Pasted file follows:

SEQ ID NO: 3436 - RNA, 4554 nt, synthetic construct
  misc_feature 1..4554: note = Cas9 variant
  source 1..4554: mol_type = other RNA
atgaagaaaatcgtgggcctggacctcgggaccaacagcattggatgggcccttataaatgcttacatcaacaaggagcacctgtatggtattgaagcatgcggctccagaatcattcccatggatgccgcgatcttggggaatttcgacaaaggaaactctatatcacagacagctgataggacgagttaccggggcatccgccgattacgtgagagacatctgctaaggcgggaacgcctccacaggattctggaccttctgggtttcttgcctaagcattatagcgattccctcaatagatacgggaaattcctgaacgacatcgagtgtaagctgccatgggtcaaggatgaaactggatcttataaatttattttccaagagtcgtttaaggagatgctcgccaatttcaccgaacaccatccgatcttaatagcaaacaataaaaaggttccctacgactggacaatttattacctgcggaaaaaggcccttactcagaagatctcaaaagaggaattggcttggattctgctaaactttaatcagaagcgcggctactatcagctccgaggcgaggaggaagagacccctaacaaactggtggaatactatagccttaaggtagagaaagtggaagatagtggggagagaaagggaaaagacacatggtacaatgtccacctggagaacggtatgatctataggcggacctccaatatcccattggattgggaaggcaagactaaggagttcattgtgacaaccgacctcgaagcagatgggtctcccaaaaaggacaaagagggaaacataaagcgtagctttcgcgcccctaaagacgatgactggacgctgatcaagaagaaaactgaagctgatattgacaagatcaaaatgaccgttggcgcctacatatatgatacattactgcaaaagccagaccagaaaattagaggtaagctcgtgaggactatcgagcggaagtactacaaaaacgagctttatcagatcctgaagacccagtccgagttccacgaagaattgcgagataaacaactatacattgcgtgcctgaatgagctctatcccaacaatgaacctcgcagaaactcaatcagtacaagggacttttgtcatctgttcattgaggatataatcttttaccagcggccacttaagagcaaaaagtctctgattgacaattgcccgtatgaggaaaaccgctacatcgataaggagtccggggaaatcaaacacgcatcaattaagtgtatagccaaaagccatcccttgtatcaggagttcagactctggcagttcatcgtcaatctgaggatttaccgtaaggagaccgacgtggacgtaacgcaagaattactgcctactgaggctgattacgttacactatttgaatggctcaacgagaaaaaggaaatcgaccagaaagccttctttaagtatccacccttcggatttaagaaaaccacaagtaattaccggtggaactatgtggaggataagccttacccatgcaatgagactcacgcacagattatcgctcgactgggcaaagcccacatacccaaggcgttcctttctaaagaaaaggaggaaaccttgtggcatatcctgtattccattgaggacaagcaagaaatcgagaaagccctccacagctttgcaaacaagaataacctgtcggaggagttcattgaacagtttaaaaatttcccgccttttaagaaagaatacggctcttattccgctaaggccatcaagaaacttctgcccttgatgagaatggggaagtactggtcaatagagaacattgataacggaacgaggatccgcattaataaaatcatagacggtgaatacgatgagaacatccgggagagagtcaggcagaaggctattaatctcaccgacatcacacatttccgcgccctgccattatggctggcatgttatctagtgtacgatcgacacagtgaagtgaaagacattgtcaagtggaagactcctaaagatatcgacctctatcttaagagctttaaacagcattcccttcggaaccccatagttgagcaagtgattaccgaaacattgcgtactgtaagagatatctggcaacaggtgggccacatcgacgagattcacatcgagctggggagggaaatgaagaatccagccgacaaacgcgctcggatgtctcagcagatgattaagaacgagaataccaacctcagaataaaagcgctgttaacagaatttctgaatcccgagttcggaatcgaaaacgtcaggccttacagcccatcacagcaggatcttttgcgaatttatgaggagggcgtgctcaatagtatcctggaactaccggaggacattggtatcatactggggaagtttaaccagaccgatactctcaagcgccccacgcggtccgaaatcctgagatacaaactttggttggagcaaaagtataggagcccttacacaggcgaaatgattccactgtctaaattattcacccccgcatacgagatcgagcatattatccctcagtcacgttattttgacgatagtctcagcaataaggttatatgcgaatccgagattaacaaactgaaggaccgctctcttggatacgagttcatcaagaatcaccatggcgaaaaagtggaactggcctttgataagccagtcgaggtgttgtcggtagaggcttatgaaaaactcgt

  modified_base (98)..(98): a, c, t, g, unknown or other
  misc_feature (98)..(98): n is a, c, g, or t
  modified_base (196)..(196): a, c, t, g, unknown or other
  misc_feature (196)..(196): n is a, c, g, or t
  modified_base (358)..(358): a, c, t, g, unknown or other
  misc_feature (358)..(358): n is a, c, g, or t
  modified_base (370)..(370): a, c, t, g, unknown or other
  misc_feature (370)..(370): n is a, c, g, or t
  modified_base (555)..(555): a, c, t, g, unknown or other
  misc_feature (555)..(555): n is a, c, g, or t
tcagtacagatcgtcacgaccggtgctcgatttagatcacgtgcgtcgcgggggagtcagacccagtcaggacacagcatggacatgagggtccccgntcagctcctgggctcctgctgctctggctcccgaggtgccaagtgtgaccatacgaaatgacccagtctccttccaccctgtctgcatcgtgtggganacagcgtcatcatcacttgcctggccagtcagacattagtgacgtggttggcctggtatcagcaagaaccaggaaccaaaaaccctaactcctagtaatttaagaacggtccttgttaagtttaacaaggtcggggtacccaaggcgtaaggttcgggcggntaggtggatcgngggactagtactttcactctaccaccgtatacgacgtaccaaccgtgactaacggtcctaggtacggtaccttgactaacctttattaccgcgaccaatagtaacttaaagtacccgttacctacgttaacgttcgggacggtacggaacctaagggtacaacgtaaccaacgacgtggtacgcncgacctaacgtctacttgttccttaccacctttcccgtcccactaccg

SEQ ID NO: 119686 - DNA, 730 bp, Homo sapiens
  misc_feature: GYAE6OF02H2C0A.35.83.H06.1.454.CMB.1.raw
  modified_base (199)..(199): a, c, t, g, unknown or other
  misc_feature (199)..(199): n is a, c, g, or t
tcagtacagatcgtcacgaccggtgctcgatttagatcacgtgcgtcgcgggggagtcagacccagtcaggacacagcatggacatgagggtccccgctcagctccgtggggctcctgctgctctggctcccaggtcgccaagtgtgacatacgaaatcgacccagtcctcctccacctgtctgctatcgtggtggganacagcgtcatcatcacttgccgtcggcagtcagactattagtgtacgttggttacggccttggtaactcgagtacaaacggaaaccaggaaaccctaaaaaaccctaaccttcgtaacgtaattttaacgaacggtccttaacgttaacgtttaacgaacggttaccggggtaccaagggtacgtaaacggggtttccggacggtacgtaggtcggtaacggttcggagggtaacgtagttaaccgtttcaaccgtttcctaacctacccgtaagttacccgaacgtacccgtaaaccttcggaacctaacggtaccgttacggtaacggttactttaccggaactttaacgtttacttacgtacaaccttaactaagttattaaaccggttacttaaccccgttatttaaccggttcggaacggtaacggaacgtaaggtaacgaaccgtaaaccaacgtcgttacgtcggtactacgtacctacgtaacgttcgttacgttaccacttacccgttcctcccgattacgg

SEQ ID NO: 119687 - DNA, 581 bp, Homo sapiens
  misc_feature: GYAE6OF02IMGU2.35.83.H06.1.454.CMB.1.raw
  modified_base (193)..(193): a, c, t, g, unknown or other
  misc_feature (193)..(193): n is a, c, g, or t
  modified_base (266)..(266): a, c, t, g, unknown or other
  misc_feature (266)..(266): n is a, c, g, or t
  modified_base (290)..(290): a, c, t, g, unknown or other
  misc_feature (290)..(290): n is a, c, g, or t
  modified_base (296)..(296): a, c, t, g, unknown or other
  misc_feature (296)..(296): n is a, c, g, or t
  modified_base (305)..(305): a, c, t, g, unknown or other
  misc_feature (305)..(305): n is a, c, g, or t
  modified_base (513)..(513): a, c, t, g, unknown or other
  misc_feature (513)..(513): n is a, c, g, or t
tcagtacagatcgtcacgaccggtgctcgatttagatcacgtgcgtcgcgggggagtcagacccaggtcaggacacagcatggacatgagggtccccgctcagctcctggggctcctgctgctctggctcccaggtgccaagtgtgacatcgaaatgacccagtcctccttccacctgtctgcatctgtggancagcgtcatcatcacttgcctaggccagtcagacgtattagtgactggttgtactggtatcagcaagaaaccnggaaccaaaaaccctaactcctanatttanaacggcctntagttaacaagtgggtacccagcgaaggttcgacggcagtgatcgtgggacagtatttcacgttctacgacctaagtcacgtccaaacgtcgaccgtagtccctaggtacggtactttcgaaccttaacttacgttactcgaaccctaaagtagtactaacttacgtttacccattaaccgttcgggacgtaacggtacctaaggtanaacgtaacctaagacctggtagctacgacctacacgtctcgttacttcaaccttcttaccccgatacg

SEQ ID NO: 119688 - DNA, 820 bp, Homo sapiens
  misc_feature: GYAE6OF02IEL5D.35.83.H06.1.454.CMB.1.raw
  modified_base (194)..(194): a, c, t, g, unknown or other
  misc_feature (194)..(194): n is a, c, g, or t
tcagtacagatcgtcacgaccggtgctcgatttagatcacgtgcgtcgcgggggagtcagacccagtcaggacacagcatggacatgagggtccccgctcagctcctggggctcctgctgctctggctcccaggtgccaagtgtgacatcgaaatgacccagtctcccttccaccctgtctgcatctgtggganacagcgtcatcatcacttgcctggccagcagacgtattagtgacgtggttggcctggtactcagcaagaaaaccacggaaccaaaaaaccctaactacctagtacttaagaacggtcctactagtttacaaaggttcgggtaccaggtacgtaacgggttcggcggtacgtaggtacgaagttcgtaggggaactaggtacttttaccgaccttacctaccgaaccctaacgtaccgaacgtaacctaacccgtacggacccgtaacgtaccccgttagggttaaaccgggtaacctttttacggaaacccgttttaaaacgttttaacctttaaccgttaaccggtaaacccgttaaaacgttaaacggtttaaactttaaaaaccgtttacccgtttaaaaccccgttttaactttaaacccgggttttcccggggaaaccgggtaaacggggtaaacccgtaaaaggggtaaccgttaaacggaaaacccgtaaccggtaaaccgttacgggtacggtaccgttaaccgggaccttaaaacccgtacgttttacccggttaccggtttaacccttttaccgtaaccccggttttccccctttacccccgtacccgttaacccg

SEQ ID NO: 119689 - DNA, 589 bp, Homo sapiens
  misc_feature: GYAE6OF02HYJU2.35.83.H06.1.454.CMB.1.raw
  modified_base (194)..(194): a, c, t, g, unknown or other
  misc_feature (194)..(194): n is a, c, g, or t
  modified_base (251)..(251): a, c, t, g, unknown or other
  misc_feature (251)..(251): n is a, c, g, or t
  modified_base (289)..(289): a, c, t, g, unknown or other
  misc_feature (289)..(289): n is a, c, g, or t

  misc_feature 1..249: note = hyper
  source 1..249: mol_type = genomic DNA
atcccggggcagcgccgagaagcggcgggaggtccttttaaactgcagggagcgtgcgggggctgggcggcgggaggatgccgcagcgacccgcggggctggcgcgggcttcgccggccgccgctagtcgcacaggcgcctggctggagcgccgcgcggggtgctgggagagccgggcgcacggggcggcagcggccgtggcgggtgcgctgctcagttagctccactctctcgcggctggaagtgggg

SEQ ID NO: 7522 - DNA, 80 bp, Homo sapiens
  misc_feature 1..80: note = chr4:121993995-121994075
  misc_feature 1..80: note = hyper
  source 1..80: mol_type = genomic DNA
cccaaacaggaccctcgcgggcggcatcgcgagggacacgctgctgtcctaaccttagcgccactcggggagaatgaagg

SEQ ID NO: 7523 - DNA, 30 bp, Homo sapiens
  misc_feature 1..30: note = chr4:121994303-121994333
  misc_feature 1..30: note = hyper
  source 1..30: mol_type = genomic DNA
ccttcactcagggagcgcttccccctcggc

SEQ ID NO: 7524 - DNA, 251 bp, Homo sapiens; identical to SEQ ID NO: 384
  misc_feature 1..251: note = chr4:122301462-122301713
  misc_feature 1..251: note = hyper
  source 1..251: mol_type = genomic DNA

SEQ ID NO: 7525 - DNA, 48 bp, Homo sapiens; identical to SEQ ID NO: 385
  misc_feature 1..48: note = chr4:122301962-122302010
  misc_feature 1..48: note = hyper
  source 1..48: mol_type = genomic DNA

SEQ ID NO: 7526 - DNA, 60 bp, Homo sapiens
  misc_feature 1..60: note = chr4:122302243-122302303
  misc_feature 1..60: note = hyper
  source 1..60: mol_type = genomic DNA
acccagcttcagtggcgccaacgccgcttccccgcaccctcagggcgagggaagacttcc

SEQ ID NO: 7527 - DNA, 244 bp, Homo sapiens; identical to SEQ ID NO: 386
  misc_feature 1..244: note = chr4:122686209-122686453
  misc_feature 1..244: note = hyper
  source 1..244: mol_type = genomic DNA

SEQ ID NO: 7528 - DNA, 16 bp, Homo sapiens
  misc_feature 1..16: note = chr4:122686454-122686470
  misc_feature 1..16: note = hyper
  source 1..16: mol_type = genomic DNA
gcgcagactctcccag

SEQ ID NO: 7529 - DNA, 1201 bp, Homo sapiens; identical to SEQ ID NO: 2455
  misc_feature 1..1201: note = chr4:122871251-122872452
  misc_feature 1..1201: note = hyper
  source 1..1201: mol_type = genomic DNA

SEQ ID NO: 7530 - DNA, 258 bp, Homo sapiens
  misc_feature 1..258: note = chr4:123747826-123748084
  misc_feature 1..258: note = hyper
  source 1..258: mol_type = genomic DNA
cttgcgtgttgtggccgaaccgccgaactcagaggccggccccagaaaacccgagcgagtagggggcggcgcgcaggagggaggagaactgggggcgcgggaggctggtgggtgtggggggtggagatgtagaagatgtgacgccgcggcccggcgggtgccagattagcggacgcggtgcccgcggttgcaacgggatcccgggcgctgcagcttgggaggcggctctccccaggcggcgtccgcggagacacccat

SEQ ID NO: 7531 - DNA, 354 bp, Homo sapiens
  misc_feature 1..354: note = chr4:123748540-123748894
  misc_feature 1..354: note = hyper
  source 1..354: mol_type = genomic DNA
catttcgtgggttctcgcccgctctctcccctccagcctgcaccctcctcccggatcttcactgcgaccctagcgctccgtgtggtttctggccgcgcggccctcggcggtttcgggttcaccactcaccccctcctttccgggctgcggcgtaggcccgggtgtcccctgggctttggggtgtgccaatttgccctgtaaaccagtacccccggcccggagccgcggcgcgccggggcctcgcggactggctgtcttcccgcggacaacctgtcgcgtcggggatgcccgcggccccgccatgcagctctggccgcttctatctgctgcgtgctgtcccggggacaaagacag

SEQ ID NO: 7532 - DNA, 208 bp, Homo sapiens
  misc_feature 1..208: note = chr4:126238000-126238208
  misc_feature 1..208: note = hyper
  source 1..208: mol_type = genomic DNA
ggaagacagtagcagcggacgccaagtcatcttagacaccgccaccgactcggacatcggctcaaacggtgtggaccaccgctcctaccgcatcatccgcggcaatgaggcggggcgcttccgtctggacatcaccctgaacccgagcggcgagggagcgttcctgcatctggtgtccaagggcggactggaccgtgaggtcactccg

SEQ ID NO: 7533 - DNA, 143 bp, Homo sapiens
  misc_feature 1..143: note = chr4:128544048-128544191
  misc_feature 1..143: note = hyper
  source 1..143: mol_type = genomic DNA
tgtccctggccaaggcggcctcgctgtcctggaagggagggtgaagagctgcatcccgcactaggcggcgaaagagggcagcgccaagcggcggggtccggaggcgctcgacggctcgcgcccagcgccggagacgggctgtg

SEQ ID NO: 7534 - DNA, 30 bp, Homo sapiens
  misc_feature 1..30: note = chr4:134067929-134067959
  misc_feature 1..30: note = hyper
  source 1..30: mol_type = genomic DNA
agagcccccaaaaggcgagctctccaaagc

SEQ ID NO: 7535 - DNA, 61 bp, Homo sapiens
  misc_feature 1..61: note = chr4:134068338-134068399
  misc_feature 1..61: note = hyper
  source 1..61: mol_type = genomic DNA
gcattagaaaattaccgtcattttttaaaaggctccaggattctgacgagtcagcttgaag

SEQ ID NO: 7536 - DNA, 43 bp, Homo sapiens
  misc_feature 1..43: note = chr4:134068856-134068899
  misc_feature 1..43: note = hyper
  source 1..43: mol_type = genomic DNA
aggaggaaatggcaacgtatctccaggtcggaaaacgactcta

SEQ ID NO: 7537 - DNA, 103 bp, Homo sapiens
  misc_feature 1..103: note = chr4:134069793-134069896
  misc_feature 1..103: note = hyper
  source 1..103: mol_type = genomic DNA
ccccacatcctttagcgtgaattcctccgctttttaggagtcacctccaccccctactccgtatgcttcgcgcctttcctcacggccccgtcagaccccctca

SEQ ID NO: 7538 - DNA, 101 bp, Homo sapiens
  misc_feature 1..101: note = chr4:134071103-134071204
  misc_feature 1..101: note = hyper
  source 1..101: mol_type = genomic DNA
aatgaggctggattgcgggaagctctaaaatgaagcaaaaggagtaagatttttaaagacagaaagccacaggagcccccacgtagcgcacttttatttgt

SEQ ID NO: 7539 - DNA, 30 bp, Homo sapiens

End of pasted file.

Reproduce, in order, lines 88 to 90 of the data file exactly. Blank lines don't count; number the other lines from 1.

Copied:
SEQ ID NO: 7530 - DNA, 258 bp, Homo sapiens
  misc_feature 1..258: note = chr4:123747826-123748084
  misc_feature 1..258: note = hyper